what percentage of shots do you hit with open/closed bridge?

philly

AzB Silver Member
Silver Member
Don't know the percentage.
All I know is that when I get down on the shot I
unconsciously use an open or closed bridge.
I never think about it as in do I use open or closed.
It's like my body just knows what to do to make
a comfortable effective stroke when I get down on the shot.
If I rationalize it though, I think the closed bridge is much more substantial and solid.
 

crazy8legs

Registered
That might be because they use a "piston" stroke (moving their elbow up and down to keep the cue level throughout the stroke).

pj
chgo


That's one way. But it can be done without that too. Your grip has a lot of effect on it as well.


Sent from my iPhone using Tapatalk
 

The_JV

Local_Pro
That might be because they use a "piston" stroke (moving their elbow up and down to keep the cue level throughout the stroke).

pj
chgo

Interesting.... I consider myself to be a retired snooker player that now plays pool. My mechanics were taught to me to mimic professional snooker players. My elbow is rock solid and my cue completely level throughout the stroke.

During the follow through, my elbow will dip. This of course has nothing to do with how the shot is struck.
 

goettlicher

AzB Silver Member
Silver Member
Great question!

I'm primarily a follow player. That probably puts my percentage at about 80/20.

On "Follow" I use open hand most of the time.
On "Draw" I use closed most of the time.

The truth is, I'm comfortable with all my bridges.

randyg
 

Bavafongoul

AzB Silver Member
Silver Member
It totally depends on how many rail shots I have to play.
When the cue ball is on or near the rail, I use an open bridge.
Other than that, if I cannot use a closed bridge due to another OB.
I play with a closed bridge all the other times, probably 75-80%.
 

Biloxi Boy

Man With A Golden Arm
95% Closed. Open bridge used only when dictated by the shot -- think "jacked-up". Early on, I worked on my bridge a lot and often observed and analyzed other people's, too. Probably because I read about such in a book, I was all about the "points of contact" created and whether they had any undesired effect on the cue's travel. In the course of learning to bridge as I do, I quite often felt damned awkward and experienced some degree of discomfort. As I have gotten older, I started to worry about arthritis. (lol -- its everywhere else, so why not my bridge hand.)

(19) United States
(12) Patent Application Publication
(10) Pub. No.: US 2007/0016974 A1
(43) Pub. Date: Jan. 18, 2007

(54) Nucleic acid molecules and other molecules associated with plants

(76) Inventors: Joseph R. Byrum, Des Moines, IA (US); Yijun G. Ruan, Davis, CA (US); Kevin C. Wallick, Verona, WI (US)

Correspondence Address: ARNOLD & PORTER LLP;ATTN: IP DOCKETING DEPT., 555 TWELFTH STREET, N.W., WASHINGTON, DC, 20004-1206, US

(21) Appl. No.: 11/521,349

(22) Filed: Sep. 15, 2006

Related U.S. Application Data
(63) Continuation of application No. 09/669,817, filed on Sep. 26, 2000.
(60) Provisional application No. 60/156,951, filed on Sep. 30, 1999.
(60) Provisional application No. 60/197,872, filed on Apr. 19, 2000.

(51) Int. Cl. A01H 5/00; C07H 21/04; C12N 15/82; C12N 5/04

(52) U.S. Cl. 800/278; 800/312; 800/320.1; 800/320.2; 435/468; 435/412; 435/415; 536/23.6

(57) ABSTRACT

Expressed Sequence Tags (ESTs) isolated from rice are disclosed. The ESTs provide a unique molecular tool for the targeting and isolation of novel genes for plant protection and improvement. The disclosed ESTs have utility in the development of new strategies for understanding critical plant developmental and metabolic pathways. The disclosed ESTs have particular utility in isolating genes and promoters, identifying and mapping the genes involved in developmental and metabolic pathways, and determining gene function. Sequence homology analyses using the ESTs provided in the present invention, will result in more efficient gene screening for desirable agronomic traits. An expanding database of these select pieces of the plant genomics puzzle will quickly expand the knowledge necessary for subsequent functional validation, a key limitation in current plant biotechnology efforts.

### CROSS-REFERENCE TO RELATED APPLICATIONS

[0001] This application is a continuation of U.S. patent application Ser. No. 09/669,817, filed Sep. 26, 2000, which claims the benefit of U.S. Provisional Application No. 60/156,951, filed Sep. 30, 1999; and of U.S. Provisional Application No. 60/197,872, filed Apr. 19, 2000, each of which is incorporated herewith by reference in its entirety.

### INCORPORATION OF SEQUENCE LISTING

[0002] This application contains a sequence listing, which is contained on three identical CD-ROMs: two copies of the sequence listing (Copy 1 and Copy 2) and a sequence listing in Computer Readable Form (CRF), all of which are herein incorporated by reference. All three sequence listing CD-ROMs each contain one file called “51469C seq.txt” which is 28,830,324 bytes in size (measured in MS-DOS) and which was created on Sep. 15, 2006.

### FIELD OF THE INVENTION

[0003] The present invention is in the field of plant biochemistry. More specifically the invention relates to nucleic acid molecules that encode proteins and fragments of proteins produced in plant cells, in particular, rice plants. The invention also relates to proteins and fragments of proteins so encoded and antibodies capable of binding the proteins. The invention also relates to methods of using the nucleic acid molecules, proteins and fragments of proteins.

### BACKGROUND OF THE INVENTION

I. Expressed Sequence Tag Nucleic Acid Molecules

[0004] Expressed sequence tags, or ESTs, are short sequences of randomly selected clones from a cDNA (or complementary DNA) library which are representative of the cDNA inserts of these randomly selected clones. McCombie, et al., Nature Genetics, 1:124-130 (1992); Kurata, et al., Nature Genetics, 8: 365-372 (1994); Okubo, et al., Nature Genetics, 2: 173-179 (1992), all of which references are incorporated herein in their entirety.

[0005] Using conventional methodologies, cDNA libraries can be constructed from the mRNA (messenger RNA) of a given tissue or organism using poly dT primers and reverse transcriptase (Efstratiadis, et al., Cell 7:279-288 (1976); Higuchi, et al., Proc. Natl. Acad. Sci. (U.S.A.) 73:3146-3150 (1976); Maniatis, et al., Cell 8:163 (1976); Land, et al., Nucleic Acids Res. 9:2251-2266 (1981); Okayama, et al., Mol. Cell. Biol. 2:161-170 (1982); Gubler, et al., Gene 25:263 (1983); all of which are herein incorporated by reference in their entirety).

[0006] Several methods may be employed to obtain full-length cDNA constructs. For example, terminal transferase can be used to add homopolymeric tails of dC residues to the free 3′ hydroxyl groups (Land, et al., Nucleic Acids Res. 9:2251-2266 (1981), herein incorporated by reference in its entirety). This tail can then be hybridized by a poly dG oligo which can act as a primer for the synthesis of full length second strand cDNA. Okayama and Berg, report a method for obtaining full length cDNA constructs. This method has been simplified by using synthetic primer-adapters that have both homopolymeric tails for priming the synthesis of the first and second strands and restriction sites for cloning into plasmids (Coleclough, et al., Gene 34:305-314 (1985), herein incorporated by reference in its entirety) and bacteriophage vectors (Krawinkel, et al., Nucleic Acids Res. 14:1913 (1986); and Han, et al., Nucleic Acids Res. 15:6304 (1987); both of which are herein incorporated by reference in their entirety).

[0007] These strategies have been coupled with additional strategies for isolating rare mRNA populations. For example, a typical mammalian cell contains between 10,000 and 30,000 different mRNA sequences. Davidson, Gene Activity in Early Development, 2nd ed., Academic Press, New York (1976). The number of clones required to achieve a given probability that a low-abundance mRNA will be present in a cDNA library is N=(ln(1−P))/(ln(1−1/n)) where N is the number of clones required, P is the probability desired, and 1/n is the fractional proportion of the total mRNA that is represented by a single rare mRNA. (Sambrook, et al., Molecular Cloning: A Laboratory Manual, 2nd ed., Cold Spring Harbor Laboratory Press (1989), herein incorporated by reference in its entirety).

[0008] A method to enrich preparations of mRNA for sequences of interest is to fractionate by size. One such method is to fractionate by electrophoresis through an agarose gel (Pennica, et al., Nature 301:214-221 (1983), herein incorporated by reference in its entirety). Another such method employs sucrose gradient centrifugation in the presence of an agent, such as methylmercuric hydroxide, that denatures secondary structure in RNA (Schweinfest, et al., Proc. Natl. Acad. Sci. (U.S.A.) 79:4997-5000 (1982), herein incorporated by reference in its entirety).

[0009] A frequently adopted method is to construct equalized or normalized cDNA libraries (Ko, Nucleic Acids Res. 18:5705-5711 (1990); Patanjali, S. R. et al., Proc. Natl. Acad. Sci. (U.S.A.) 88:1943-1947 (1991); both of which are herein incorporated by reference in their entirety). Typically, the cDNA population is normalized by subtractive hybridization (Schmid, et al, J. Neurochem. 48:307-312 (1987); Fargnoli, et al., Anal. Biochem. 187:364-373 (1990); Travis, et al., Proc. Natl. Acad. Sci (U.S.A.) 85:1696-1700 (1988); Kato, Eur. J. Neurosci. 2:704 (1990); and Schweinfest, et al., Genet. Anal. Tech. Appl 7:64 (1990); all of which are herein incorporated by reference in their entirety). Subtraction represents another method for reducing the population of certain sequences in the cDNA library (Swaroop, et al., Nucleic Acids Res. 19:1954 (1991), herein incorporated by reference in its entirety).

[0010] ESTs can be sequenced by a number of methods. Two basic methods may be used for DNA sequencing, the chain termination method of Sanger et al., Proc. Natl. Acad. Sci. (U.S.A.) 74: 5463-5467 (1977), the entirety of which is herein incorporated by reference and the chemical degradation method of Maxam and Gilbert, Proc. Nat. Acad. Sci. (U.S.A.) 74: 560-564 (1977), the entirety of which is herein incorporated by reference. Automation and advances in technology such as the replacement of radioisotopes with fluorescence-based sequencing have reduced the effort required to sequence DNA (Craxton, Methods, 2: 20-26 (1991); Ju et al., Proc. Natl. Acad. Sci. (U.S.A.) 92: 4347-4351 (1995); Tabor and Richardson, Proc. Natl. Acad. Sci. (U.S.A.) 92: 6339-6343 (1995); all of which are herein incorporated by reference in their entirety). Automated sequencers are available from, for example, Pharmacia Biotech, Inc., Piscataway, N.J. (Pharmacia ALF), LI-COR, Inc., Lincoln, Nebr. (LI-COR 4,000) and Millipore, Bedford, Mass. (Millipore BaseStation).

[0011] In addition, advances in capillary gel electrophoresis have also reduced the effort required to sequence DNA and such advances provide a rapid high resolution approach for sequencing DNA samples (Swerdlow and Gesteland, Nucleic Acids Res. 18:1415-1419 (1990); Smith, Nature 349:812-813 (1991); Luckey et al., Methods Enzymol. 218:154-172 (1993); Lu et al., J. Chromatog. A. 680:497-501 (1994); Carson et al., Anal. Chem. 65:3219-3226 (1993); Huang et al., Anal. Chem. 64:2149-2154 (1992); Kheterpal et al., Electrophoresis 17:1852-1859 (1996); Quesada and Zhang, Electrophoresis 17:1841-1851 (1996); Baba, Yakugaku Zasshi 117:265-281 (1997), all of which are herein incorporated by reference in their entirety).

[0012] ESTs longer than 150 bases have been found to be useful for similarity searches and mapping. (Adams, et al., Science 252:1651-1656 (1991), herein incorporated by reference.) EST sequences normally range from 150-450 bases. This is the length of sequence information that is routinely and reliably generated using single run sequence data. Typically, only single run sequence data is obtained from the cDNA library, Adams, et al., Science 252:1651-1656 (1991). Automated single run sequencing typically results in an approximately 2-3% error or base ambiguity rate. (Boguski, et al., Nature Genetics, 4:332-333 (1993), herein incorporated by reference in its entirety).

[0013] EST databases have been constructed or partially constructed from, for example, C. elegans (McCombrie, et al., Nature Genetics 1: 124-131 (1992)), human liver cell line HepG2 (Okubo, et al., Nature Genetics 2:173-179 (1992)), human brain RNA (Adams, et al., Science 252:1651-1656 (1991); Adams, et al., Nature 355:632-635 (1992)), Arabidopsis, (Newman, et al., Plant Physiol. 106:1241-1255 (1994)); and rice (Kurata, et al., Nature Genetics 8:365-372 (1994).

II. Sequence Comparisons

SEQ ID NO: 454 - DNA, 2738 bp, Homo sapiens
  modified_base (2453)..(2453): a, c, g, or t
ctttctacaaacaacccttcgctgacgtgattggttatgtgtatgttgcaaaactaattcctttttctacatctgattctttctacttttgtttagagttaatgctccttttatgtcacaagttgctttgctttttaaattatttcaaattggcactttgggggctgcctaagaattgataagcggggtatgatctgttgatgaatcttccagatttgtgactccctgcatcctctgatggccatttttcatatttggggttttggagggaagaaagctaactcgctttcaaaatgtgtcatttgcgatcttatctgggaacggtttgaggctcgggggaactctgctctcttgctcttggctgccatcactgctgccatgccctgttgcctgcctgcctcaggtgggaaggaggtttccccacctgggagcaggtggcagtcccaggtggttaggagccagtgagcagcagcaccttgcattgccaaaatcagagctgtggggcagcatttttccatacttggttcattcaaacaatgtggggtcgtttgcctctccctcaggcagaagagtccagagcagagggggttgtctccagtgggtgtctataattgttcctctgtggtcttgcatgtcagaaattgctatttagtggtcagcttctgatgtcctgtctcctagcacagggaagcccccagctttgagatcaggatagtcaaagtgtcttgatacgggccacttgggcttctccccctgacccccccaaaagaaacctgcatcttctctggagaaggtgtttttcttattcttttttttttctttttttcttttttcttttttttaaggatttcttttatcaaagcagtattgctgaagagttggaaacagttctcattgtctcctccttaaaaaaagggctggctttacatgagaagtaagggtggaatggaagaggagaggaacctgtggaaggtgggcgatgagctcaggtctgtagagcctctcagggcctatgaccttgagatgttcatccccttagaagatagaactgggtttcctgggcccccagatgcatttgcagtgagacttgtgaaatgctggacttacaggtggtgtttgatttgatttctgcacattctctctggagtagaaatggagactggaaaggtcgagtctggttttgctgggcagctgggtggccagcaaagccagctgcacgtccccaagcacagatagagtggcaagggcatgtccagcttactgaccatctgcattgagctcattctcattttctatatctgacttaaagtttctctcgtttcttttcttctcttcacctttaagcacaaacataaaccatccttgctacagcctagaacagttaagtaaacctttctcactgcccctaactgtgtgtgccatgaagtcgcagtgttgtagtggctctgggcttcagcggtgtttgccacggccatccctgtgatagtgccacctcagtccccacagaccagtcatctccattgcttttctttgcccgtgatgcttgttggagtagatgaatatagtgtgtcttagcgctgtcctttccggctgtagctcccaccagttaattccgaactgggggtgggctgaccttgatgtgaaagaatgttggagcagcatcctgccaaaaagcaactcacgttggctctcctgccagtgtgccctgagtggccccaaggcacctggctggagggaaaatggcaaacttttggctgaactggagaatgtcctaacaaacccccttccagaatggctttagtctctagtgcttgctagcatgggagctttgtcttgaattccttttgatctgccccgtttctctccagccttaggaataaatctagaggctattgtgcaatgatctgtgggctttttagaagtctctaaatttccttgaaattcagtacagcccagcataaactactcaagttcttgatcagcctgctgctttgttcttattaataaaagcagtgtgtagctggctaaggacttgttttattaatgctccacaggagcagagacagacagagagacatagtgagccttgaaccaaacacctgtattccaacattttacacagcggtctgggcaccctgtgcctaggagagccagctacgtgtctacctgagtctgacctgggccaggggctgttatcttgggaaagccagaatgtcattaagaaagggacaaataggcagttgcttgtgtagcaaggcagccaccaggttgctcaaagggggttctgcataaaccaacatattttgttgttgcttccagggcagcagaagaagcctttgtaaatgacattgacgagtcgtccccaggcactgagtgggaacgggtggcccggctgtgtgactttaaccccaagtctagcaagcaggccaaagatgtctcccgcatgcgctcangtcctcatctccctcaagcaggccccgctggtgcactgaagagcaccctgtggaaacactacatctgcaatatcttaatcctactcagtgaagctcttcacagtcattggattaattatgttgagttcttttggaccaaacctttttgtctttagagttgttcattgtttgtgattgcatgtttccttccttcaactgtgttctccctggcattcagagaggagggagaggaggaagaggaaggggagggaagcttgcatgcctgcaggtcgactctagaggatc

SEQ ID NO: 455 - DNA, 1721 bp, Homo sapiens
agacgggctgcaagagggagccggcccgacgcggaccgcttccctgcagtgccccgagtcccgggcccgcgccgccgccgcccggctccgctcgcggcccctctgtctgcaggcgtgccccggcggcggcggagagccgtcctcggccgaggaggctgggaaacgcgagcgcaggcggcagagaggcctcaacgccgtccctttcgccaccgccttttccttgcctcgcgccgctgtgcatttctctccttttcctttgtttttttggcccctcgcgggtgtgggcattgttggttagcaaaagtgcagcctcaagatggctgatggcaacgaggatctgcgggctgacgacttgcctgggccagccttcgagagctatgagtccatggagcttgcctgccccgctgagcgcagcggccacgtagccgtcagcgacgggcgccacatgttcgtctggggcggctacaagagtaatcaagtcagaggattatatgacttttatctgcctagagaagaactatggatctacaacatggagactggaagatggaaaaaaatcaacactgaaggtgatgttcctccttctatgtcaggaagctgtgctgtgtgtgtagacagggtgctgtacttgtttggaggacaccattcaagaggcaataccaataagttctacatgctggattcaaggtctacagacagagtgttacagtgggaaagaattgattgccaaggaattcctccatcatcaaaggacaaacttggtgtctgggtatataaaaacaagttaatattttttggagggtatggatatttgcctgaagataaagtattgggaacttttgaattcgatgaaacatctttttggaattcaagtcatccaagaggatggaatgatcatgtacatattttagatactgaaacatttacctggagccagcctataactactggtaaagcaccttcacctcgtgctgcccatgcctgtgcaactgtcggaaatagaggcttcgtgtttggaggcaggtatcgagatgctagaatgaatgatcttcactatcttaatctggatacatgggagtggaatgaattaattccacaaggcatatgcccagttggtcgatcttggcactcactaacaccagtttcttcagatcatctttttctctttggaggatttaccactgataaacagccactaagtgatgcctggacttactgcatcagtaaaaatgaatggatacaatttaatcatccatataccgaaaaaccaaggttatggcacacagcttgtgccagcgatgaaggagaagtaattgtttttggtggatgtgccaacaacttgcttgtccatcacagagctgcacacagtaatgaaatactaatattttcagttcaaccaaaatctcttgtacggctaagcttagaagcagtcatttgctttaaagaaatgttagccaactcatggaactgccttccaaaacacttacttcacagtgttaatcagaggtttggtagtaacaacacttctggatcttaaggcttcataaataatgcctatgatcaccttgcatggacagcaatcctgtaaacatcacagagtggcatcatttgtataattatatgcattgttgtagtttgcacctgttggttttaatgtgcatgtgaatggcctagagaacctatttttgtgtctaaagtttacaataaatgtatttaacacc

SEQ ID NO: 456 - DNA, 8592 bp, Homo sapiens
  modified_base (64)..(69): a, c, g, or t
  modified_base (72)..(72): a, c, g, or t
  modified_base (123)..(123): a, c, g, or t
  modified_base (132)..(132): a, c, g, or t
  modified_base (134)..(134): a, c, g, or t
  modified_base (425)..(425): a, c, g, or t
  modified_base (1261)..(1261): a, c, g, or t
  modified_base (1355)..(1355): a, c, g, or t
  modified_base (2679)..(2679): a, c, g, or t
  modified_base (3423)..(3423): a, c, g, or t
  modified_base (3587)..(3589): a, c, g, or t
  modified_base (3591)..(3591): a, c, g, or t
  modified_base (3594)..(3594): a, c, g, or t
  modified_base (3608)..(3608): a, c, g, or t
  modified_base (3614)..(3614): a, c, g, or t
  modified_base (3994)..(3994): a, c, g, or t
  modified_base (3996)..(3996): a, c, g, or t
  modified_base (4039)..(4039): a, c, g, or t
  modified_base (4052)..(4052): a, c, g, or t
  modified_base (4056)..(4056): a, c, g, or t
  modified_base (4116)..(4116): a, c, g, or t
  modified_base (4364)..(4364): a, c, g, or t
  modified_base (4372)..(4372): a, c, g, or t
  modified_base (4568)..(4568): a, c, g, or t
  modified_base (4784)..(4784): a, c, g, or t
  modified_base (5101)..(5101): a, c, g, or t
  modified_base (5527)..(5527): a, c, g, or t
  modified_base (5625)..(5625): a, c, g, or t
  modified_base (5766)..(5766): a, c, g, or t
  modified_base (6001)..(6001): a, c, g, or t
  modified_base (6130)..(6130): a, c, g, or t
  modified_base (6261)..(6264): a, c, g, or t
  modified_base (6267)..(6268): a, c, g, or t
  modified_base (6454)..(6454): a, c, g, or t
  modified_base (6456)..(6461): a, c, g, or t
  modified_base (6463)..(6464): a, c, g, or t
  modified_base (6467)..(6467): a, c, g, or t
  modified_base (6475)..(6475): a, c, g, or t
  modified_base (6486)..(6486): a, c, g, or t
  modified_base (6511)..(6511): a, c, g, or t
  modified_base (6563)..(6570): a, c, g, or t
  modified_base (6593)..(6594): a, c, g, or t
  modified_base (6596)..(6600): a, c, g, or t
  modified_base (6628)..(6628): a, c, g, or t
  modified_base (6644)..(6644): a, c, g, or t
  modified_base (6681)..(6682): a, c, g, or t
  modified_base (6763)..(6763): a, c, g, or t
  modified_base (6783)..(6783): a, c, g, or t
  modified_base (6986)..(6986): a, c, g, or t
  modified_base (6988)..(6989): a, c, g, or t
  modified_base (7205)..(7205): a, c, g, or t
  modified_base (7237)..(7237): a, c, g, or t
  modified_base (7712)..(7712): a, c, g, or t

evergruven

AzB Gold Member
Gold Member
Silver Member
Depends on the stroke too. If you hold the stick long and/or tend to stroke down at the ball an open bridge is all that's necessary. If you grip closer to the balance point and/or favor a "moarer" level cue, a loop bridge might be moar prudent.

FWIW I favor a loop bridge with a levelish stroke and gripping towards the back of the cue. I never squeeze the bridge. There is always air at the top of the loop which might not be the intended distinction when switching from an open bridge.

hey straight
this is why I'm currently shopping for a more forward-facing balance point
easier to use open bridge..
shot ok
but I don't think a cue should dictate what bridge one uses

Don't know the percentage.
All I know is that when I get down on the shot I
unconsciously use an open or closed bridge.
I never think about it as in do I use open or closed.
It's like my body just knows what to do to make
a comfortable effective stroke when I get down on the shot.
If I rationalize it though, I think the closed bridge is much more substantial and solid.

hey philly
I think some degree of unconscious in this case is good
sounds like your mind/body knows what it's doing
don't think about it, just do it..I'd like to get there more

Great question!

I'm primarily a follow player. That probably puts my percentage at about 80/20.

On "Follow" I use open hand most of the time.
On "Draw" I use closed most of the time.

The truth is, I'm comfortable with all my bridges.

randyg

hey randy
interesting you call yourself a "follow" player
but use an open bridge more
I follow using an open bridge, too
but for some reason correlate "follow" with "closed"
good to comfortable with all bridges tho

It totally depends on how many rail shots I have to play.
When the cue ball is on or near the rail, I use an open bridge.
Other than that, if I cannot use a closed bridge due to another OB.
I play with a closed bridge all the other times, probably 75-80%.

hey bava
I thought about this reading the thread
then came upon your post
if I'm close to the rail, but can see the cb
I'll use a closed bridge off the rail
but if the rock is really resting on the rubber
definitely open bridge off the rail

good stuff all
thanks for the replies!
 

brigeton

AzB Silver Member
Silver Member